Russia's operations in Georgia and Ukraine provide many interesting insights, but most notably they illustrate a departure from contemporary guerrilla and counterinsurgency operations and demonstrate the pendulum swinging back toward conventional, high-intensity land warfare. In light of the evolution of the contemporary operating environment's character, the U.S. Army's armored force must be aware of the implications of these changes.Read more
When the Soviet military launched Exercise Dnepr, most observers and military analysts focused on the exercise's size and its large-scale use of airborne forces. Almost unnoticed, however, the Soviet army also deployed a previously unseen assault gun. This gun was surrounded by a very high level of secrecy – a good example of the effort the Soviets / Russians historically put into keeping their most secret weapons developments secret.Read more
The squadron commander is best suited to be the brigade chief of reconnaissance. This allows a senior commander to completely focus on answering the brigade commander's information requirements, and it allows the brigade S-2 officer to focus on the next enemy course of action.Read more
As the cavalry trainers at the Joint Multinational Readiness Center, Grizzly Team members had opportunities to observe diverse rotations and learned that GEN George S. Patton Jr.'s quote, "You can never have too much reconnaissance," still proves true. During the past year, we observed some common challenges in linking information-collection planning with reconnaissance-and-security execution at both the battalion and brigade levels across multiple nations.Read more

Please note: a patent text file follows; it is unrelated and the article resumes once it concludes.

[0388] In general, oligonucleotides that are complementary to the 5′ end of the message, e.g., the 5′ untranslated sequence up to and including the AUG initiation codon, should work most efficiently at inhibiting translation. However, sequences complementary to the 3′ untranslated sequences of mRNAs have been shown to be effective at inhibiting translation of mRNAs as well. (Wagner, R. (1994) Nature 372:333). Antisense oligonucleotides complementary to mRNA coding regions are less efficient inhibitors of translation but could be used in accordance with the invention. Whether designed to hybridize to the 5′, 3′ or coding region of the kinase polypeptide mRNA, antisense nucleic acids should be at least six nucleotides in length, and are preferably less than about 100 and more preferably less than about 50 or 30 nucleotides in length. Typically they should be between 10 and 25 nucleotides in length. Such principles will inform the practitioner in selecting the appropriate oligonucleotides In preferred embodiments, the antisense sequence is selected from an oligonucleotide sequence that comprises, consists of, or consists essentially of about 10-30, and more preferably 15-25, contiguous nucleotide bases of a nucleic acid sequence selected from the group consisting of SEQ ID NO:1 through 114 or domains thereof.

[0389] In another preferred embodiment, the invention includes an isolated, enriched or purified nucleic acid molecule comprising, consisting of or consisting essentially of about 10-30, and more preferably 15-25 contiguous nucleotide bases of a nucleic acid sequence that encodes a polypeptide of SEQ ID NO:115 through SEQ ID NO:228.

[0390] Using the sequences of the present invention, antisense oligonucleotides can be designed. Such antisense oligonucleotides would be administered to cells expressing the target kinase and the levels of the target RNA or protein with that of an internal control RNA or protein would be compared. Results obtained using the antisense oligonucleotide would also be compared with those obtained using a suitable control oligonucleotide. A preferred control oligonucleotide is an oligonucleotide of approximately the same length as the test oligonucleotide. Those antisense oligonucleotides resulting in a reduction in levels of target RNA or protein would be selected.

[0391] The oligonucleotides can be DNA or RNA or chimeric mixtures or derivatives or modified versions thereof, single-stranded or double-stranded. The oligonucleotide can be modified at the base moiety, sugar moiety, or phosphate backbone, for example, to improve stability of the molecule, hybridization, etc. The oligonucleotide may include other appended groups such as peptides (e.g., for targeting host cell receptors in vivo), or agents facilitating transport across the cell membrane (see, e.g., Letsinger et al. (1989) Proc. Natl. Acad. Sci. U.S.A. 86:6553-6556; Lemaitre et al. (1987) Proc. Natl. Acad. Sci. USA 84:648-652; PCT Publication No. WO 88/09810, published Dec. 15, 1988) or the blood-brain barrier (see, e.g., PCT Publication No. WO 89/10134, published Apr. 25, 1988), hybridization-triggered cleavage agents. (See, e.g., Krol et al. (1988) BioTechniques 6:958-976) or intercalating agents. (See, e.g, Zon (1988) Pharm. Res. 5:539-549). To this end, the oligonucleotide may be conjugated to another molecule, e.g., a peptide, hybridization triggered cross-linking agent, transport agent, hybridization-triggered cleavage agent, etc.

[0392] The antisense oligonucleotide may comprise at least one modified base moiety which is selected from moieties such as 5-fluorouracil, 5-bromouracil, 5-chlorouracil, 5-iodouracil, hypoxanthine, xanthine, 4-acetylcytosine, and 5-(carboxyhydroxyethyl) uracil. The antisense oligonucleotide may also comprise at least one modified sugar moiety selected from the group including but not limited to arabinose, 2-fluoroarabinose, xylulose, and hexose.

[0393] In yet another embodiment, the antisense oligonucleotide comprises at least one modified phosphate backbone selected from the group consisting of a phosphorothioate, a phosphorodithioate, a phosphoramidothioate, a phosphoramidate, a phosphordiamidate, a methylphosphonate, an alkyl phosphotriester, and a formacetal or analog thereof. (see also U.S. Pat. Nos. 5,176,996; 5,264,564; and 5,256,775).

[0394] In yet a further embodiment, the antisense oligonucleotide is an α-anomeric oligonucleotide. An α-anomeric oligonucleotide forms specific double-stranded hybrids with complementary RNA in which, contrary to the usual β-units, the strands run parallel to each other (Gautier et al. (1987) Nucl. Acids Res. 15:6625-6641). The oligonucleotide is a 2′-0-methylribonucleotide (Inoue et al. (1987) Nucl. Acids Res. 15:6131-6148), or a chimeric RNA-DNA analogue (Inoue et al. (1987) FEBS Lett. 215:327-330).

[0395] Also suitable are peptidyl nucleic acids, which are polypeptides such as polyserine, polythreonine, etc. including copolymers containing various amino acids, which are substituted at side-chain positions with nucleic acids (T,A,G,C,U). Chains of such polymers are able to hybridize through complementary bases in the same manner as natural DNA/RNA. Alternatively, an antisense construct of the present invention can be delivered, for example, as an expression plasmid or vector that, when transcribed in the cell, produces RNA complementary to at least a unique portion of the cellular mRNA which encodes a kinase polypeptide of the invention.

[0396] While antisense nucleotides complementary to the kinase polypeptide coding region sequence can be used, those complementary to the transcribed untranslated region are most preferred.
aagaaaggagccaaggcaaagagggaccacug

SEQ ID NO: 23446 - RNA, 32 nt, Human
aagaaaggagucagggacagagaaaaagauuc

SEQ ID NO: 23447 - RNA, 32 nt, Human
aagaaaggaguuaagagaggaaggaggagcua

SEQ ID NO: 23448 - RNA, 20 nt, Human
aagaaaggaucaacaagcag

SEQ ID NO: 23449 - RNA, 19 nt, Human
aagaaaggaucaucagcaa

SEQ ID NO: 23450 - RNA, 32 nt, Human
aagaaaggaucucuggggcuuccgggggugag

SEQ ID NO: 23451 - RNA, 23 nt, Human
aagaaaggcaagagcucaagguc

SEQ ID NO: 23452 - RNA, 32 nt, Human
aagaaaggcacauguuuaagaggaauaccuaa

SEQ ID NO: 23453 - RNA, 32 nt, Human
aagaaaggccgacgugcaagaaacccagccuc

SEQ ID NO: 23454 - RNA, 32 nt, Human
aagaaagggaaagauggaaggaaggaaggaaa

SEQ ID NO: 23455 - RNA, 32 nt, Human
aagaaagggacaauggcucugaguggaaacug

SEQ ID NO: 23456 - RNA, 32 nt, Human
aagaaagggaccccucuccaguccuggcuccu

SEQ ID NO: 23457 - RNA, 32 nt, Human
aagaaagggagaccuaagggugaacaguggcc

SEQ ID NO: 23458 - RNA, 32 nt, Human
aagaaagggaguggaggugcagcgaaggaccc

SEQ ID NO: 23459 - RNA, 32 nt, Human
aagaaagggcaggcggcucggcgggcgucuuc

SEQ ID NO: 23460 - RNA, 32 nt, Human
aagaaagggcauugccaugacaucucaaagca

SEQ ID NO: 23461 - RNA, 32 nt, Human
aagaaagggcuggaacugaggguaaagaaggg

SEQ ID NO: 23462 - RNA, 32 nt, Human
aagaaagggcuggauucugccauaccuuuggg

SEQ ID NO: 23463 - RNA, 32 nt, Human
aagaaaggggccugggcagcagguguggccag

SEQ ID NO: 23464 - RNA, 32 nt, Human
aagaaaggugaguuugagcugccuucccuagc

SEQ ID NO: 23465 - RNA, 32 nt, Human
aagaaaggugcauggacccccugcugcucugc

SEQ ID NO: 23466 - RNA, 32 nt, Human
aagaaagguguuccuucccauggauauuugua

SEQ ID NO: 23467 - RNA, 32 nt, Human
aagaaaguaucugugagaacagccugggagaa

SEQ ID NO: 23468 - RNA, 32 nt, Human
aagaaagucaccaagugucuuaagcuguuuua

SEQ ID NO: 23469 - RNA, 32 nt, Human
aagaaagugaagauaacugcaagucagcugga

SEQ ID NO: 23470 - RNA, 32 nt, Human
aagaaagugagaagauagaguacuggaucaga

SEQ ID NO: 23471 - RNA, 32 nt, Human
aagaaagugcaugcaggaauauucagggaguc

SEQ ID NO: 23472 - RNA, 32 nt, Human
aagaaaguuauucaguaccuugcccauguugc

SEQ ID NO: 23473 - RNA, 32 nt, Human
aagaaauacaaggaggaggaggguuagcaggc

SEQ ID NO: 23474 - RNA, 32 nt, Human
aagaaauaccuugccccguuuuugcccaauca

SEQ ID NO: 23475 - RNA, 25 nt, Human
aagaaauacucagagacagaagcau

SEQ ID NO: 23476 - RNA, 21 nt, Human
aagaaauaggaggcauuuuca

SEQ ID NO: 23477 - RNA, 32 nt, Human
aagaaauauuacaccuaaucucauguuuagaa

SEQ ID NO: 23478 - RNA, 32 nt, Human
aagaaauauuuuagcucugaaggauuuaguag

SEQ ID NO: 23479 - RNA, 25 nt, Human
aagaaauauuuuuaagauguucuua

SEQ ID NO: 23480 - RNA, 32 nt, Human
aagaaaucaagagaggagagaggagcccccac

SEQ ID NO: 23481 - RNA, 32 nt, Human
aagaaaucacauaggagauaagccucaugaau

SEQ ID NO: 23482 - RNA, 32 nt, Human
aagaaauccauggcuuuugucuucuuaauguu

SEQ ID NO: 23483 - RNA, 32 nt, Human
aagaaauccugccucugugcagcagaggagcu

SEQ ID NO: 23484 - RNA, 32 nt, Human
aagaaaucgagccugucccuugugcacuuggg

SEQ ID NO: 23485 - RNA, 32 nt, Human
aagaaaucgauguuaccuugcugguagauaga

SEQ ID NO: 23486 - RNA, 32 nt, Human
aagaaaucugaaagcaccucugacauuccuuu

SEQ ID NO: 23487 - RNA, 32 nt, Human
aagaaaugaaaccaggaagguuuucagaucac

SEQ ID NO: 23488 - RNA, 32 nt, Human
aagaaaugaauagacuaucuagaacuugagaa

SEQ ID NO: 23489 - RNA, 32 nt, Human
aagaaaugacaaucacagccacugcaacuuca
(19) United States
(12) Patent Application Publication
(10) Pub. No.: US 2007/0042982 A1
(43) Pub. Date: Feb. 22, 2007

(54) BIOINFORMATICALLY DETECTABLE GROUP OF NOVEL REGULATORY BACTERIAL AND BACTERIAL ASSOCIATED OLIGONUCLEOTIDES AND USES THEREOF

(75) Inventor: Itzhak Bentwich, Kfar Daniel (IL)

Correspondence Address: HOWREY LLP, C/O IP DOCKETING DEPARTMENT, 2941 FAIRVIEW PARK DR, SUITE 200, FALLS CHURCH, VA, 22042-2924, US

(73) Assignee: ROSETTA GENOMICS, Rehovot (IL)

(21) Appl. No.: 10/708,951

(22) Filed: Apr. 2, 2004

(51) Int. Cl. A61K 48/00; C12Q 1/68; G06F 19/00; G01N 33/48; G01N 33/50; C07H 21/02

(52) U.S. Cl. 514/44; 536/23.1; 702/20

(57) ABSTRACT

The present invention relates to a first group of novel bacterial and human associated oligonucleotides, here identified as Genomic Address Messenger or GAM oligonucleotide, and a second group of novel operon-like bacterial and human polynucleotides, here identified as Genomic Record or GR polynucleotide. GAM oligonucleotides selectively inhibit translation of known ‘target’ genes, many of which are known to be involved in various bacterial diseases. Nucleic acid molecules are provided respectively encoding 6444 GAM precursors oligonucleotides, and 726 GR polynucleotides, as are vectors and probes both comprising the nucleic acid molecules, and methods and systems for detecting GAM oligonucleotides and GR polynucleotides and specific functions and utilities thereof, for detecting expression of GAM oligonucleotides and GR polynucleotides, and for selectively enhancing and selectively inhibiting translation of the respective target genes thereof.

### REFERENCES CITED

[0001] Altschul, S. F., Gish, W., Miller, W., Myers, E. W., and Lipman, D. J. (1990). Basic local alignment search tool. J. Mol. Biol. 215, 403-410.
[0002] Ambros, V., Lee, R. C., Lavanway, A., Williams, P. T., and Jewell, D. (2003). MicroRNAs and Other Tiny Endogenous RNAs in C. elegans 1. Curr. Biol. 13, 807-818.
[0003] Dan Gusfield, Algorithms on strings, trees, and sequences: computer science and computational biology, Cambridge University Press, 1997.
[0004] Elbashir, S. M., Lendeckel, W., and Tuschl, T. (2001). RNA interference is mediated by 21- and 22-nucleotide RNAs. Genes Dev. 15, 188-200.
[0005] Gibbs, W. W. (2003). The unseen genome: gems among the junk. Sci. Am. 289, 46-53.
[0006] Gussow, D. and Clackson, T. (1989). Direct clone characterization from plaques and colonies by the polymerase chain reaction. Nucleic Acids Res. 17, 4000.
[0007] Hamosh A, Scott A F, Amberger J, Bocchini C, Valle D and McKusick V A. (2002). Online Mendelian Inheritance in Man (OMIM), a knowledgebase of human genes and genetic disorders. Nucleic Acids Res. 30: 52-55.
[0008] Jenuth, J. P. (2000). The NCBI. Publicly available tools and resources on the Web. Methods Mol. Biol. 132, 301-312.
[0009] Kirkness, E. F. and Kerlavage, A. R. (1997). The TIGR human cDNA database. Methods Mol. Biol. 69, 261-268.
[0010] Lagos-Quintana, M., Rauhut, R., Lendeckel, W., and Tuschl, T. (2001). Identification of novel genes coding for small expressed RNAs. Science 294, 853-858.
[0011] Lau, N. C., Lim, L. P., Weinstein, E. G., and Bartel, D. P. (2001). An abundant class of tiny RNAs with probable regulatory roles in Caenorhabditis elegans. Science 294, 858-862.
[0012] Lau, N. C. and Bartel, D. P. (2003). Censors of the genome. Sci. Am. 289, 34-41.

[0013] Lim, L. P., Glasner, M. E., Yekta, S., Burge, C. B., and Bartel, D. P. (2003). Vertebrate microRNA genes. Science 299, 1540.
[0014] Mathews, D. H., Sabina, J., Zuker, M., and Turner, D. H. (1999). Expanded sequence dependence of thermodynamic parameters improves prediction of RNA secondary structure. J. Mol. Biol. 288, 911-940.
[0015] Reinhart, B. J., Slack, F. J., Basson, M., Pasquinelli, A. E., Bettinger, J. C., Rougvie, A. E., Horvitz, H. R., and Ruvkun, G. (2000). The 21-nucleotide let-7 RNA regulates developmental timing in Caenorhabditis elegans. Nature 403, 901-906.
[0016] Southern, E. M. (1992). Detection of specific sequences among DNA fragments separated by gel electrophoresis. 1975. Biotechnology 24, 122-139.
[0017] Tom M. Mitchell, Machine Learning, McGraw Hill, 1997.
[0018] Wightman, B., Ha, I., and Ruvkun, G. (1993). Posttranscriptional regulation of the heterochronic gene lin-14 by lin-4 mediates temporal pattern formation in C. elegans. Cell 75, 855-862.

State and non-state actors in the Ukraine, Syria and Iraq daily demonstrate the growing numbers, types and capability of unmanned aircraft systems operations at all echelons. With large fronts and limited combat power, adversaries use their temporary information advantages to make decisions on where and how to employ combat power. Why then would we forgo the advantage provided by UAS operations of any type?Read more
As units execute decisive-action training, they must account for the hybrid threat, which will contain some near-peer capabilities such as unmanned aircraft systems or even off-the-shelf UAS and radio direction-finding capability. By removing units from their comfort zones, not only do they train to increase their survivability, but they also build resiliency into their systems and increase their leaders' adaptiveness.Read more
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